Locally, Comfort Keepers has helped more than 600 families in the Tri-Cities maintain their quality of life since 2002.
"Peace of mind" is something that is difficult to attach a price to, especially when it comes to the care of a loved one.
Comfort Keepers, a leading provider of in-home, non-medical care, has been delivering that peace of mind for more than a decade, both nationally and internationally. Locally, Comfort Keepers has helped more than 600 families in the Tri-Cities maintain their quality of life since 2002. Comfort Keepers is licensed through the State of Tennessee, which guarantees clients a second peace of mind knowing there are checks, balances and accountability for client care.
Linda Bambino, owner of Comfort Keepers Tri-Cities, described the service as "pampering people for a living." That pampering can include anything from companionship services to end-of-life care.
"Our clients are typically 65 or older and need assistance with two or more ADLs (Activities of Daily Living), such as light housekeeping, meal preparation or laundry. Other services include assisting clients to doctor appointments, shopping, or personal care," she explained. "These services can mean the difference between facility living and independent living. Comfort Keepers provides seniors or other adults extended in-home assistance allowing them to remain in the comfort of their own homes."
Services are available for a minimum of four hours up to 24 hours per day, seven days a week. The amount of time and services needed are determined by the family and Comfort Keepers. An in-home assessment is provided at no charge to determine the client’s physical and mental condition, and a plan of care is developed specifically for their needs.
The philosophy of care offered by Comfort Keepers is called "Interactive Caregiving," and is based on a holistic approach that engages clients physically, socially, emotionally and mentally. The goal is to keep clients active and mentally stimulated so that they can enjoy a better quality of life and physical well-being.
Comfort Keepers appropriately calls each of their caregivers a "Comfort Keeper." Prior to joining the company, each applicant is thoroughly interviewed, references are checked, and a national criminal background check is performed annually. All caregivers are employees of Comfort Keepers, not contracted labor, meaning Comfort Keepers is responsible for their bonding, insurance, workman’s compensation and payroll through the local office.
The safety and security of her clients is Bambino’s utmost concern. "They are my employees and we do everything in our power to make sure the caregiver we send into a client’s home is safe," she said. "Before sending a Comfort Keeper into a home, they are screened and assessed for special skill sets, and routine supervisory visits are performed to ensure standards of care are being met."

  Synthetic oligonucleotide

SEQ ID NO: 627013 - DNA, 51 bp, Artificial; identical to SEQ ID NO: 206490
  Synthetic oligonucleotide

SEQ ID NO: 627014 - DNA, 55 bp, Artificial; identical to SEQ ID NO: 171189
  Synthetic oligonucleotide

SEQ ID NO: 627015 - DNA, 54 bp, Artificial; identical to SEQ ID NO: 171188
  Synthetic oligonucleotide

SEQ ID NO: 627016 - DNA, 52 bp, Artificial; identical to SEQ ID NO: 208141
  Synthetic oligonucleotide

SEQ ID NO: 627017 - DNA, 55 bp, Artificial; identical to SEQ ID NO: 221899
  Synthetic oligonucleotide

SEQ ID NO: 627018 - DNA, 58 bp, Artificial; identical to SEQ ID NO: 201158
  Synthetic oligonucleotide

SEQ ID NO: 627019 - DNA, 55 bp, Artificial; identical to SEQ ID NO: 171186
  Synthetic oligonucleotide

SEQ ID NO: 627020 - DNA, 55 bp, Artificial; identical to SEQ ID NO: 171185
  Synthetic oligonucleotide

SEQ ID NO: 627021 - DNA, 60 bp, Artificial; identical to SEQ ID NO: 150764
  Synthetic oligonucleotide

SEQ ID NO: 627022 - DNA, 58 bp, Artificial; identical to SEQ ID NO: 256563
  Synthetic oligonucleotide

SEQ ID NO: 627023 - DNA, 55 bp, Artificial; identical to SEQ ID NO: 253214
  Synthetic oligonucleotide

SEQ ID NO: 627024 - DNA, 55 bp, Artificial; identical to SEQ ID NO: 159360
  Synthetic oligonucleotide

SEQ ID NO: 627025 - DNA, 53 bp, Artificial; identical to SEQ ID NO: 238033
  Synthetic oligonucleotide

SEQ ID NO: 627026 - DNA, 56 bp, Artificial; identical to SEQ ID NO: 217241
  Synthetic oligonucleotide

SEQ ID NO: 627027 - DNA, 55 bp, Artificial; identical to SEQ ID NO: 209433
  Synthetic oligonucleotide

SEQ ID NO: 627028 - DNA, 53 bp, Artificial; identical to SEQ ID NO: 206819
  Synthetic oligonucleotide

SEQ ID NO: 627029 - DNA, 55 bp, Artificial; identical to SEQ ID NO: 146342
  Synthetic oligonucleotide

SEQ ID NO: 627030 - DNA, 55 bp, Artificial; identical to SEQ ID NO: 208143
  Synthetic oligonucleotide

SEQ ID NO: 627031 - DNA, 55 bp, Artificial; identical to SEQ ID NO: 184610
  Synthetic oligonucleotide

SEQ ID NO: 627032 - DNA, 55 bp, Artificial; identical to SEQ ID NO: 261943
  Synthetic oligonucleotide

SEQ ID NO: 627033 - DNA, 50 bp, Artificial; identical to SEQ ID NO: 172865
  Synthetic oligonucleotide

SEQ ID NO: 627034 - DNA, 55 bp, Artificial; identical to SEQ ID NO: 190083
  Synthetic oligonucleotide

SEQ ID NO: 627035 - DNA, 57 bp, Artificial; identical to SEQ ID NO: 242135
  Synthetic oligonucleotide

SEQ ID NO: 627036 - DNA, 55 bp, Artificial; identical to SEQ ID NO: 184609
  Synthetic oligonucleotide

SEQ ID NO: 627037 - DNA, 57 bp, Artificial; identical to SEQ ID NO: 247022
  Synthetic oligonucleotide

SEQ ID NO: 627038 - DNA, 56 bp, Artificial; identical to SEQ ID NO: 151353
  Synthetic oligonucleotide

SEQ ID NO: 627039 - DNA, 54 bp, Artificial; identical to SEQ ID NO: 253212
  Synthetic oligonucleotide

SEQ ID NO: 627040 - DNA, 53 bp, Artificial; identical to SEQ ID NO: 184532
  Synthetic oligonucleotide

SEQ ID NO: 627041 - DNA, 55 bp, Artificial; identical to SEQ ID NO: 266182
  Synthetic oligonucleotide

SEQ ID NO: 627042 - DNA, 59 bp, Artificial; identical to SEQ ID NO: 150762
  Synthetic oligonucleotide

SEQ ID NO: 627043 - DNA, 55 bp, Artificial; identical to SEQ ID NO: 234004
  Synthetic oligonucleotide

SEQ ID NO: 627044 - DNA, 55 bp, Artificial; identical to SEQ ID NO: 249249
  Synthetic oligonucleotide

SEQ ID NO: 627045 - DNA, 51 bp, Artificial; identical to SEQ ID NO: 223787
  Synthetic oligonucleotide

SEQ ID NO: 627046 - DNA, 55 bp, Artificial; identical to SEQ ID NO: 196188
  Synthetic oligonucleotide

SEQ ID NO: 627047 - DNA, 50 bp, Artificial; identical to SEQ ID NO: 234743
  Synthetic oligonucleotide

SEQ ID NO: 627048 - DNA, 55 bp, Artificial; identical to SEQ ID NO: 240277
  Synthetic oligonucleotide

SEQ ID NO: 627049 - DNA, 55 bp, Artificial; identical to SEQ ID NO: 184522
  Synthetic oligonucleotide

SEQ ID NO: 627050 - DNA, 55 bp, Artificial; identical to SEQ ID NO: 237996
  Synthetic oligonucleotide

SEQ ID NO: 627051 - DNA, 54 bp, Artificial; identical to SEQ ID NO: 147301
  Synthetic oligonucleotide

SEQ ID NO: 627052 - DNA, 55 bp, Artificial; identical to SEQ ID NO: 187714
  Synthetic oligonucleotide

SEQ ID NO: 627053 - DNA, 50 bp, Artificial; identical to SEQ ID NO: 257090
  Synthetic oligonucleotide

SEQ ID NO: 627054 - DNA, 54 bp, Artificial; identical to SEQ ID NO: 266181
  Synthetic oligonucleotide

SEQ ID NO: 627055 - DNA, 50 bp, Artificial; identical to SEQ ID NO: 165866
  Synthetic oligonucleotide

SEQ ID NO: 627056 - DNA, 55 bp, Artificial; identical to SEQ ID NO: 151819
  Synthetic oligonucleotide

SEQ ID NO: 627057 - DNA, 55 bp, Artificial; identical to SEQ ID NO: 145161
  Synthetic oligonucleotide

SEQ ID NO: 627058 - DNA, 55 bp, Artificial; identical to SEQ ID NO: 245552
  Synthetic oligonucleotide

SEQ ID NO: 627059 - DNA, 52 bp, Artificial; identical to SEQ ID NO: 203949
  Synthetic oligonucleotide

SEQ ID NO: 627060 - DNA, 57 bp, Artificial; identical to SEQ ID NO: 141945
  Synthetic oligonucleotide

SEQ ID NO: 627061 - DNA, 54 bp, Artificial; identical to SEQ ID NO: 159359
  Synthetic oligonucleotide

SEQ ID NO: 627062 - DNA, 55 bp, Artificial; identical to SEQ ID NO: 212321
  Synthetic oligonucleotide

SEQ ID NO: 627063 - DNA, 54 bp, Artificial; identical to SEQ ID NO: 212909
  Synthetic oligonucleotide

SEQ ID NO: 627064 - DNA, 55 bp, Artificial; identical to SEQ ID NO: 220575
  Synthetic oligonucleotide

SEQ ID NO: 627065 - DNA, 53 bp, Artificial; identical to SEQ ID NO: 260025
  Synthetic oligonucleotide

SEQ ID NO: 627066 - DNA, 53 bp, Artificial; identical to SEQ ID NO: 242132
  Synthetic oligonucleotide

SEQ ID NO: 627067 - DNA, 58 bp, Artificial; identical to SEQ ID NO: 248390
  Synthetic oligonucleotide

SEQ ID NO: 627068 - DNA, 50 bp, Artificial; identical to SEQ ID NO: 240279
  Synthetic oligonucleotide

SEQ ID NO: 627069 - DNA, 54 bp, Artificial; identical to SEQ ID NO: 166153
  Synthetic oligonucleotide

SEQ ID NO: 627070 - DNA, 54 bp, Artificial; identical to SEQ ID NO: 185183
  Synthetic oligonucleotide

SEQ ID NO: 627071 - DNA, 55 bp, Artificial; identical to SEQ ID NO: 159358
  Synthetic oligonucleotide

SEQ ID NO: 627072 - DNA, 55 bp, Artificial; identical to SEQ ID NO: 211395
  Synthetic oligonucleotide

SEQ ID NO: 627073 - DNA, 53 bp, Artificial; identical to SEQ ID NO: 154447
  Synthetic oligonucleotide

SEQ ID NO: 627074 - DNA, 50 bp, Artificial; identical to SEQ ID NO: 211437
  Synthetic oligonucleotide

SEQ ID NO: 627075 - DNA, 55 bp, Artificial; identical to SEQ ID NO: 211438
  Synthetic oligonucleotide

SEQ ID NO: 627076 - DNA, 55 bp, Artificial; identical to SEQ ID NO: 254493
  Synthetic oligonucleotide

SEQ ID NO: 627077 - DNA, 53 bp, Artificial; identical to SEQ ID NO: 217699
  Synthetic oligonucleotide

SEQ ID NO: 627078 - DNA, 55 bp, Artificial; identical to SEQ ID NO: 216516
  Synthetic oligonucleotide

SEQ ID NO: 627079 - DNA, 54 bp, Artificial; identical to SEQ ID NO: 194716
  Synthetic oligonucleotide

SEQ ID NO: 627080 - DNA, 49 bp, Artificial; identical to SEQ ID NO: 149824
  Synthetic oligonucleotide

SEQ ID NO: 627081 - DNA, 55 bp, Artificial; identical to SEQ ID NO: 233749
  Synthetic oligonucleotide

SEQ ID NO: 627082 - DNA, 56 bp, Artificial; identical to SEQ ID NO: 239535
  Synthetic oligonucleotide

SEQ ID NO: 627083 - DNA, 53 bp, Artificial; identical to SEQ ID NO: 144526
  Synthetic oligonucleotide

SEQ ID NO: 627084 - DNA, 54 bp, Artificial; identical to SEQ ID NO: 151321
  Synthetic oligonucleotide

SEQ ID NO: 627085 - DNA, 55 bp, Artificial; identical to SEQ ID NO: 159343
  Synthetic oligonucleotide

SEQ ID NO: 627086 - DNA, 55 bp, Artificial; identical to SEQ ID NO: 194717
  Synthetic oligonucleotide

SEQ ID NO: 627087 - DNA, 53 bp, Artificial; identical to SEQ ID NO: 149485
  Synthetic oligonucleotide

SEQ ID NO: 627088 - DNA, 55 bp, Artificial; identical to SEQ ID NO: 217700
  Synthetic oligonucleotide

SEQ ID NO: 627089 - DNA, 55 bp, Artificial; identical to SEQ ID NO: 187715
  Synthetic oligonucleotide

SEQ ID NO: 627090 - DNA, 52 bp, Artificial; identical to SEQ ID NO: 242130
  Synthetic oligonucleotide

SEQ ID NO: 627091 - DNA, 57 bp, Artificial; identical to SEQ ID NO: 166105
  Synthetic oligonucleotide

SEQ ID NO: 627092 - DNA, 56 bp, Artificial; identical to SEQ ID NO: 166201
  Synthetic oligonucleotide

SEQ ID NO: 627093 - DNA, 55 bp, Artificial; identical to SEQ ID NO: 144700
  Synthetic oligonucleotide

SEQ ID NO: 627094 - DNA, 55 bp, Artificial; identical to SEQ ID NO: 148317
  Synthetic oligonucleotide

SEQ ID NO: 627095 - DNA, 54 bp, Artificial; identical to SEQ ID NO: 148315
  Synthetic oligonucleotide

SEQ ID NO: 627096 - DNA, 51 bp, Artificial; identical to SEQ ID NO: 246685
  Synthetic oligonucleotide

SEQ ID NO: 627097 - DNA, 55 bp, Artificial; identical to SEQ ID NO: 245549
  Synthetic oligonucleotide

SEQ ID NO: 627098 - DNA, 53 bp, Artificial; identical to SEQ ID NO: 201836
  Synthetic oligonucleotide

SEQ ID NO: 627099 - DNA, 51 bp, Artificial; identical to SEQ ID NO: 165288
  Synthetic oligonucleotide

Comfort Keepers is licensed by the state and audited yearly. Bambino and her office administrator, Cindy Sproles, are proud to say the company has passed yearly audits with "zero deficiencies." That is considered an A+ for the home care industry.
Aside from Sproles, Bambino has three additional in-house staff and 65 outside Comfort Keepers. In-house staff members include Theresa Bright, community liaison; Rebecca Trent, scheduling coordinator; and Wendy Smith, client care coordinator. The folks employed by Comfort Keepers see it as more of a mission than a job.
Sproles explained a Comfort Keeper "has the heart of a servant. They really are unique people in that they love what they do. You have to have that quality and desire when it comes to being a caregiver."
In many instances, Bambino and Sproles have found the Comfort Keeper becomes an extension of the family. "We have had many caregivers who have gone in under a hospice situation. There was one gentleman in particular who stayed with his client until the instant he died. After the client’s death, our Comfort Keeper did not leave; instead he stayed and cleaned up the house, called the church and informed them of his client’s passing, and even laid out the dishes on the table so that everything was ready for the family to receive friends," Sproles said.
They have also found the Comfort Keeper learns a lot from their clients. "Many of our caregivers tell us they love talking to their clients and learning about their lives," Bambino said.
In fact, Comfort Keeper’s first patient in Kingsport was one of Norman Rockwell’s "Rosie the Riveter" models. "We didn’t know that until she told us," Sproles said. "Another client who lived to be 100 was asked on his birthday, ‘What is the greatest invention you’ve seen in your 100 years?’ He smiled and told his caregiver, "Without a doubt, toilet paper was man’s greatest invention," Sproles laughed.
Comfort Keepers provides an important service to the community.
"What we do matters," Bambino said. "We allow our clients to stay at home and have a good quality of life…that is something you can’t put a price on."
The Comfort Keepers office is open Monday through Friday from 8 a.m. to 4 p.m., but client care is accessible 24 hours a day, seven days a week by calling 423-246-0100. For more information on Comfort Keepers, call 423-246-0100 or visit the website at http://www.comfortkeepers.com/.comments powered by Disqus